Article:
As the countdown to Rugby World Cup 2023 gathers pace, the opening round of July internationals gave us the latest indication of where teams are at 15 months out from the big event in France.

Of all the home nations, Wales were probably the only team satisfied with their weekend’s work, although there will be more than a tinge of regret that they so narrowly failed to beat the Springboks in their own backyard for the first time in history as they went down to a heartbreaking 32-29 defeat.

For England, Ireland and Scotland, the second weekend of July internationals cannot come soon enough as it gives them a chance to make amends after they fell short of their own high standards in losing to Australia, New Zealand and Argentina.

Six Nations rivals, France and Italy, did both buck the trend by winning away in Japan and Romania, respectively, on a weekend when the qualification picture for Rugby World Cup 2023 in Africa became a little clearer and the World Rugby Pacific Nations Cup 2022 also got underway.

Rugby is better with crowds

For South Africa, Argentina and Fiji it is perhaps no coincidence that their first home matches in front of actual fans since the COVID-19 pandemic struck were all wins.

Admittedly the 51,762 crowd at Loftus Versfeld was stunned into almost silence when South Africa fell 18-3 behind to a resurgent Wales. But the stirring second-half comeback from the Springboks, culminating in Damian Willemse’s match-winning penalty was played out amidst a cacophony of noise.

Meanwhile, Argentina marked their first home test in nearly three years with a 26-18 win over Scotland at the Estadio 23 de Agosto in Jujuy.

Travel restrictions during the COVID-19 pandemic had seen Argentina unable to play at home since losing to South Africa in Salta in 2019 and their return ensured a sell-out crowd in the provincial town.

Fiji, meanwhile, made a winning return to the ANZ Stadium Suva, opening up their World Rugby Pacific Nations Cup 2022 campaign on a winning note, to the delight of the locals in attendance, with a 36-0 victory against Tonga.

Champions never know when they are beaten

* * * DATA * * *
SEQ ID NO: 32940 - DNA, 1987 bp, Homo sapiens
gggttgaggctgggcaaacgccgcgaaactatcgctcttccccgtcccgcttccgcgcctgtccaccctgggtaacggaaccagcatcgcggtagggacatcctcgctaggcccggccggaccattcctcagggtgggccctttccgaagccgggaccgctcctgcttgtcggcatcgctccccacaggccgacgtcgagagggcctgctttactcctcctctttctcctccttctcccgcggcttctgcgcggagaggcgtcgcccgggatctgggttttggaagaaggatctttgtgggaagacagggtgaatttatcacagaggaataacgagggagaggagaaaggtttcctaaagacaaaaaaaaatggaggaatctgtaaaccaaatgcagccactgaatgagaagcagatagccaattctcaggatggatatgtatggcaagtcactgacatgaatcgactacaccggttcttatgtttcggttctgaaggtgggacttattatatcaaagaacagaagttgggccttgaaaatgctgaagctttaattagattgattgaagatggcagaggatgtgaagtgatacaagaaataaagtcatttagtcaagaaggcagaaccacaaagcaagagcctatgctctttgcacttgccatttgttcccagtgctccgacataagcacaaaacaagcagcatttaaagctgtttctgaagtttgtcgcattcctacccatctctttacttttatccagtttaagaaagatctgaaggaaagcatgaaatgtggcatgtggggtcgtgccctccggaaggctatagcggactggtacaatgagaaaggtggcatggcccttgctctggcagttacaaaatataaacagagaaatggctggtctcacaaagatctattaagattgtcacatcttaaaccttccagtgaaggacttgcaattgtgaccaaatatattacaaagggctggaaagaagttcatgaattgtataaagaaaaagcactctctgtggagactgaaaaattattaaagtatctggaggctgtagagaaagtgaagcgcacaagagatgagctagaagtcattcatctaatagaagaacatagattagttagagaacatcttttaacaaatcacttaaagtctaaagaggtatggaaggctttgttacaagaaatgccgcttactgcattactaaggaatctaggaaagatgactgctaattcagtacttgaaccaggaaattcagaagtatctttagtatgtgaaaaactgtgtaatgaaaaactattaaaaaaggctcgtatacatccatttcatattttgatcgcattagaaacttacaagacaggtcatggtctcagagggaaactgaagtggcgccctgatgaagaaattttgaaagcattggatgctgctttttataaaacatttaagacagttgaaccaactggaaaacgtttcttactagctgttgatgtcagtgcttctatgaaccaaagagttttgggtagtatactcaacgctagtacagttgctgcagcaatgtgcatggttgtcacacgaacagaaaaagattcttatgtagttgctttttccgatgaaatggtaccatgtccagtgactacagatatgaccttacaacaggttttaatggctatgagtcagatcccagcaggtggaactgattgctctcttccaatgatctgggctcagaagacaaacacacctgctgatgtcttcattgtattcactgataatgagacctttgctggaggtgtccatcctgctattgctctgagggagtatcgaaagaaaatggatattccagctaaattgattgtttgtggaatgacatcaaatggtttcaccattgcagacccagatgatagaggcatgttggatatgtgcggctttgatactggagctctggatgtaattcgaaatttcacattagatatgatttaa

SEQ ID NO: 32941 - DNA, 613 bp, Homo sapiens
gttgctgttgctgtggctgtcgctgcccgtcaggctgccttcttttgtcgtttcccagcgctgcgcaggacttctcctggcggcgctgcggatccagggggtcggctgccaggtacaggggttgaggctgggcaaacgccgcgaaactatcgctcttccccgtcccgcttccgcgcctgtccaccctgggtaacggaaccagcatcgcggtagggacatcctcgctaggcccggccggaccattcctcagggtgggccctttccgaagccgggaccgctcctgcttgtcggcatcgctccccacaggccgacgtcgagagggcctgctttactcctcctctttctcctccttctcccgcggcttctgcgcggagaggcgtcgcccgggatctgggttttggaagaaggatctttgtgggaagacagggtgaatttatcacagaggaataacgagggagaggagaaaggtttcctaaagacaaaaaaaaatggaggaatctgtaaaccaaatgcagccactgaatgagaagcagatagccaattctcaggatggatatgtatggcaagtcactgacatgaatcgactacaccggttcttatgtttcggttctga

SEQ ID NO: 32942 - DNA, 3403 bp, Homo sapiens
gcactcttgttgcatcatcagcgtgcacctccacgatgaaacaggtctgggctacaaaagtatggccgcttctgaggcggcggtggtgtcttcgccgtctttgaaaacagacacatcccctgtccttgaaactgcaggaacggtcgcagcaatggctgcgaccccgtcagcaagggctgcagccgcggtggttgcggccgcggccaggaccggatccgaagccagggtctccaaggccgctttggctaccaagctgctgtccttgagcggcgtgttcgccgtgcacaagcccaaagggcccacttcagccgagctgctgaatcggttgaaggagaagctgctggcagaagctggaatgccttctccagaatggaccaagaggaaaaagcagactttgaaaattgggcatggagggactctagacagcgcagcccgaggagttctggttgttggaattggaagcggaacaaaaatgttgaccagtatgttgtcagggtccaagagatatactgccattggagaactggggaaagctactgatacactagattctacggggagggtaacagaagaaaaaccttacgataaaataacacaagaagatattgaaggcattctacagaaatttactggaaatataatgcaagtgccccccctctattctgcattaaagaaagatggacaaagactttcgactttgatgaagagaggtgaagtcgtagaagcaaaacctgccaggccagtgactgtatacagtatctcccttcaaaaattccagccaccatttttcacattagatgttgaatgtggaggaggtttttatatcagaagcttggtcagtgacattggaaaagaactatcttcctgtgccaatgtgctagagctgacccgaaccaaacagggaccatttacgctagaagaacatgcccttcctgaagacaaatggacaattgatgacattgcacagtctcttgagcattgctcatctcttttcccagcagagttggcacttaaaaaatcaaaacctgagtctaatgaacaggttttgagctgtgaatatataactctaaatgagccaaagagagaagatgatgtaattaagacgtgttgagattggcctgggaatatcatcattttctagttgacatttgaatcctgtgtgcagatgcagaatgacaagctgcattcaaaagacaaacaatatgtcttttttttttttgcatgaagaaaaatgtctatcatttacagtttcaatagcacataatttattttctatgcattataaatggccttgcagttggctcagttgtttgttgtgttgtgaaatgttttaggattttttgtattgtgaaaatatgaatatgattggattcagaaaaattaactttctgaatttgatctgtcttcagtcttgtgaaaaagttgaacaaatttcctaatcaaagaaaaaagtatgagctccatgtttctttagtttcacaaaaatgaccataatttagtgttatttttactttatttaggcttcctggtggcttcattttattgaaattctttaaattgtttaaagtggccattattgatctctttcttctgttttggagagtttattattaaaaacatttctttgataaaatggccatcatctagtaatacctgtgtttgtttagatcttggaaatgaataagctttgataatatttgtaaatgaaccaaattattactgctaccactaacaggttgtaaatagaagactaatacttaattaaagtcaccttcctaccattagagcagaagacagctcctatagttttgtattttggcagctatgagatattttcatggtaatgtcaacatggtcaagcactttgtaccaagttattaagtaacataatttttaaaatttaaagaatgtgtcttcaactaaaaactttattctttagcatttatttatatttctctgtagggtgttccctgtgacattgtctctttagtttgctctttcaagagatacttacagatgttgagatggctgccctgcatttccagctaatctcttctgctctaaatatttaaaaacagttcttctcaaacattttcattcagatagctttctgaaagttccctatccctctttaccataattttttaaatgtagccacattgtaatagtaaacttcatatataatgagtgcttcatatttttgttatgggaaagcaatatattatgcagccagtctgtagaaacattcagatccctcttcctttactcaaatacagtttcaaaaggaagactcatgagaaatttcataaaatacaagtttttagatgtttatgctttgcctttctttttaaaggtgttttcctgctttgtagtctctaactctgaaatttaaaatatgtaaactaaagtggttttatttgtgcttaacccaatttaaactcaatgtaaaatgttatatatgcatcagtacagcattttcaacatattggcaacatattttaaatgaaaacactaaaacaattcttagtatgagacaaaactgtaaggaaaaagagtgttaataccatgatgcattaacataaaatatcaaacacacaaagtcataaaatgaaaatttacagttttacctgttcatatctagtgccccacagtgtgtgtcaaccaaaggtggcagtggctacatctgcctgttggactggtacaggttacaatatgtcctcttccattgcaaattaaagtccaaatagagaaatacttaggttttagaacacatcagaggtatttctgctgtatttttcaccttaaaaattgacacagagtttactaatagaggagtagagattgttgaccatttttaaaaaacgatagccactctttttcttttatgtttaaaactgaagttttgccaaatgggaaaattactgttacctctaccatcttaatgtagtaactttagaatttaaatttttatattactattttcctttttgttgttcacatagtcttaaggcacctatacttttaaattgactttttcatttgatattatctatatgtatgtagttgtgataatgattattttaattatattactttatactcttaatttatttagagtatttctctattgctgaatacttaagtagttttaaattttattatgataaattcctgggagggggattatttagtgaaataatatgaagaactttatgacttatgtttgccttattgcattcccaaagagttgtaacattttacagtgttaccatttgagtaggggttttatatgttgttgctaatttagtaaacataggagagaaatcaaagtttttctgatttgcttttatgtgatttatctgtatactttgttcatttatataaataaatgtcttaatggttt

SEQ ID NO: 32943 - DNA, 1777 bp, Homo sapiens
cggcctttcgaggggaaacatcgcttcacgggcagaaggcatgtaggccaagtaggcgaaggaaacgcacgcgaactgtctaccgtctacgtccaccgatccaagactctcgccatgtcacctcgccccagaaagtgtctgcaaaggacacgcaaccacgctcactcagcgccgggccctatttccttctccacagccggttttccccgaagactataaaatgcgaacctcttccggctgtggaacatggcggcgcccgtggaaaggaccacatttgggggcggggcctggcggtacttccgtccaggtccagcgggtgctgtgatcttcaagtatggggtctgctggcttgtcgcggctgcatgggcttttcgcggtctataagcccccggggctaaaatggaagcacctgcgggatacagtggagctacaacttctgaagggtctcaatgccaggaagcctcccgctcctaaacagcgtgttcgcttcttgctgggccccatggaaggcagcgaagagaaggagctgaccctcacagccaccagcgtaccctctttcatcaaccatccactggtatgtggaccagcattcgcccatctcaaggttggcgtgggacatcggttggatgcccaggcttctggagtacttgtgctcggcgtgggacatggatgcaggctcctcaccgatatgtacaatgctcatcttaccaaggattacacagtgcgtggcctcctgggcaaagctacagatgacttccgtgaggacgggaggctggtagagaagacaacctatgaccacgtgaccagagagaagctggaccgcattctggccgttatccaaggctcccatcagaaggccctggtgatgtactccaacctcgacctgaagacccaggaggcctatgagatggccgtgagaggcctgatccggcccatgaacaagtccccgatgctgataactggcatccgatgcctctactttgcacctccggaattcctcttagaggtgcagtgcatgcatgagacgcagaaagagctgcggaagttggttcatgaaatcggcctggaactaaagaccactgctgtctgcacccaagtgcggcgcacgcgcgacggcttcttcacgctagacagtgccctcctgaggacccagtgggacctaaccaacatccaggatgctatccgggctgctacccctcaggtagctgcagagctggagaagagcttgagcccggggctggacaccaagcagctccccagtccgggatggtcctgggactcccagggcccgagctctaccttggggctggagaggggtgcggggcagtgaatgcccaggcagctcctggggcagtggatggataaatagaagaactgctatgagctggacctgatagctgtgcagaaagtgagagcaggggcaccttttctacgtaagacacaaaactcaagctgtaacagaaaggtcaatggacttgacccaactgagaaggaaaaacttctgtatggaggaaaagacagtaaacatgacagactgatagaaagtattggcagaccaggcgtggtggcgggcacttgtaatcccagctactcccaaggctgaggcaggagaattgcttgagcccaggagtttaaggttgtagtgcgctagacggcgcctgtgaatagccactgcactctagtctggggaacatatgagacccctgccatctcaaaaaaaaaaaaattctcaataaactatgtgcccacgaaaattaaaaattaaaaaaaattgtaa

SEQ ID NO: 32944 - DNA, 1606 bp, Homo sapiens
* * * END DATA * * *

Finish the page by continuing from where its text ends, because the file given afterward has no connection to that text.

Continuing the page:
South Africa delivered a disjointed performance against Wales but, all credit to them, they still came out on the right side of the scoreline, winning 32-29. 

The Springboks led for precisely three minutes of the match when Georgian referee Nika Amashukeli ran underneath the posts in the 75th minute, to award them a penalty try after Wales had illegally stopped another powerful driving maul.

But Wales remarkably found a response despite being down to 13 men, hooker Dewi Lake levelling the scores at 29-29 with his team’s third try in the 78th minute.

Had Dan Biggar’s conversion gone over Wales would have reclaimed the lead but it went wide and the Springboks kept their composure in what little time was left to get the right result.

Eden Park is an impregnable fortress

Ireland came to Auckland for the first of three tests against the All Blacks with genuine hopes they could do what very few teams had previously achieved in history – win at Eden Park.

For the opening five to 10 minutes, a first win over the All Blacks in New Zealand, irrespective of the venue, looked to be a possibility, as Keith Earls gave the tourists a deserved lead with a well-worked try.

However, that only served to galvanise the All Blacks into action and after a rusty opening quarter, they burst into life just before half-time when they ran in 21 unanswered points.

In the end, the All Blacks were convincing 42-19 winners, reaffirming Eden Park’s reputation as the hardest place in the world for teams to beat the All Blacks.

In 90 tests at the ground since 1921, the All Blacks have lost only 10 times and their winning percentage is 86 per cent.

Since their 23-20 loss to France in 1994, the All Blacks have seen off 45 opponents, with only two draws, against South Africa (18-18) in 1994 to start the run and the British and Irish Lions (15-15) in 2017.

France have class in ‘reserve’

With stellar talents like World Rugby Player of the Year 2021 Antoine Dupont, barnstorming number eight Gregory Alldritt and other star names left behind to rest up after their Six Nations 2022 Grand Slam-winning exploits and a long domestic French season, Les Bleus travelled to Japan with what some commentators would refer to as a ‘shadow’ squad.

However, the strength in depth of French rugby at the moment means there are at least one if not two players equally capable of stepping into the breach in virtually every position if called upon by head coach Fabian Galthie and that was further underlined in the first tets against Japan on Saturday.

Test debutant number eight, Yoan Tanga, was one to put his hand up in the 65 minutes he was on the field during France’s 42-23 win and show there is a worthy successor to Alldritt waiting in the wings.

With 18 tackles, the second-best total behind Toulouse's Thibault Flament, and a number of strong carries, the 25-year-old played a major role in Les Bleus’ ninth consecutive win.

Fiji can defend as well as attack

Everyone rightly talks about Fiji’s flair with the ball in hand but their defence was equally as impressive on the weekend as they shut out a Tongan side boasting some serious attacking talent in kicking off their World Rugby Pacific Nations Cup 2022 title challenge with a 36-0 win,

Tonga arrived in Suva boosted by the considerable presence of Malakai Fekitoa, Isieli Folau and Charles Piutau amongst others in their backline but the ‘Ikale Tahi failed to muster a single point which will have pleased Flying Fijians head coach Vern Cotter just as much as the five tries they scored.

Prior to the weekend, the last time Fiji had ‘nilled’ the opposition was when they defeated Samoa 60-0 in July 1996.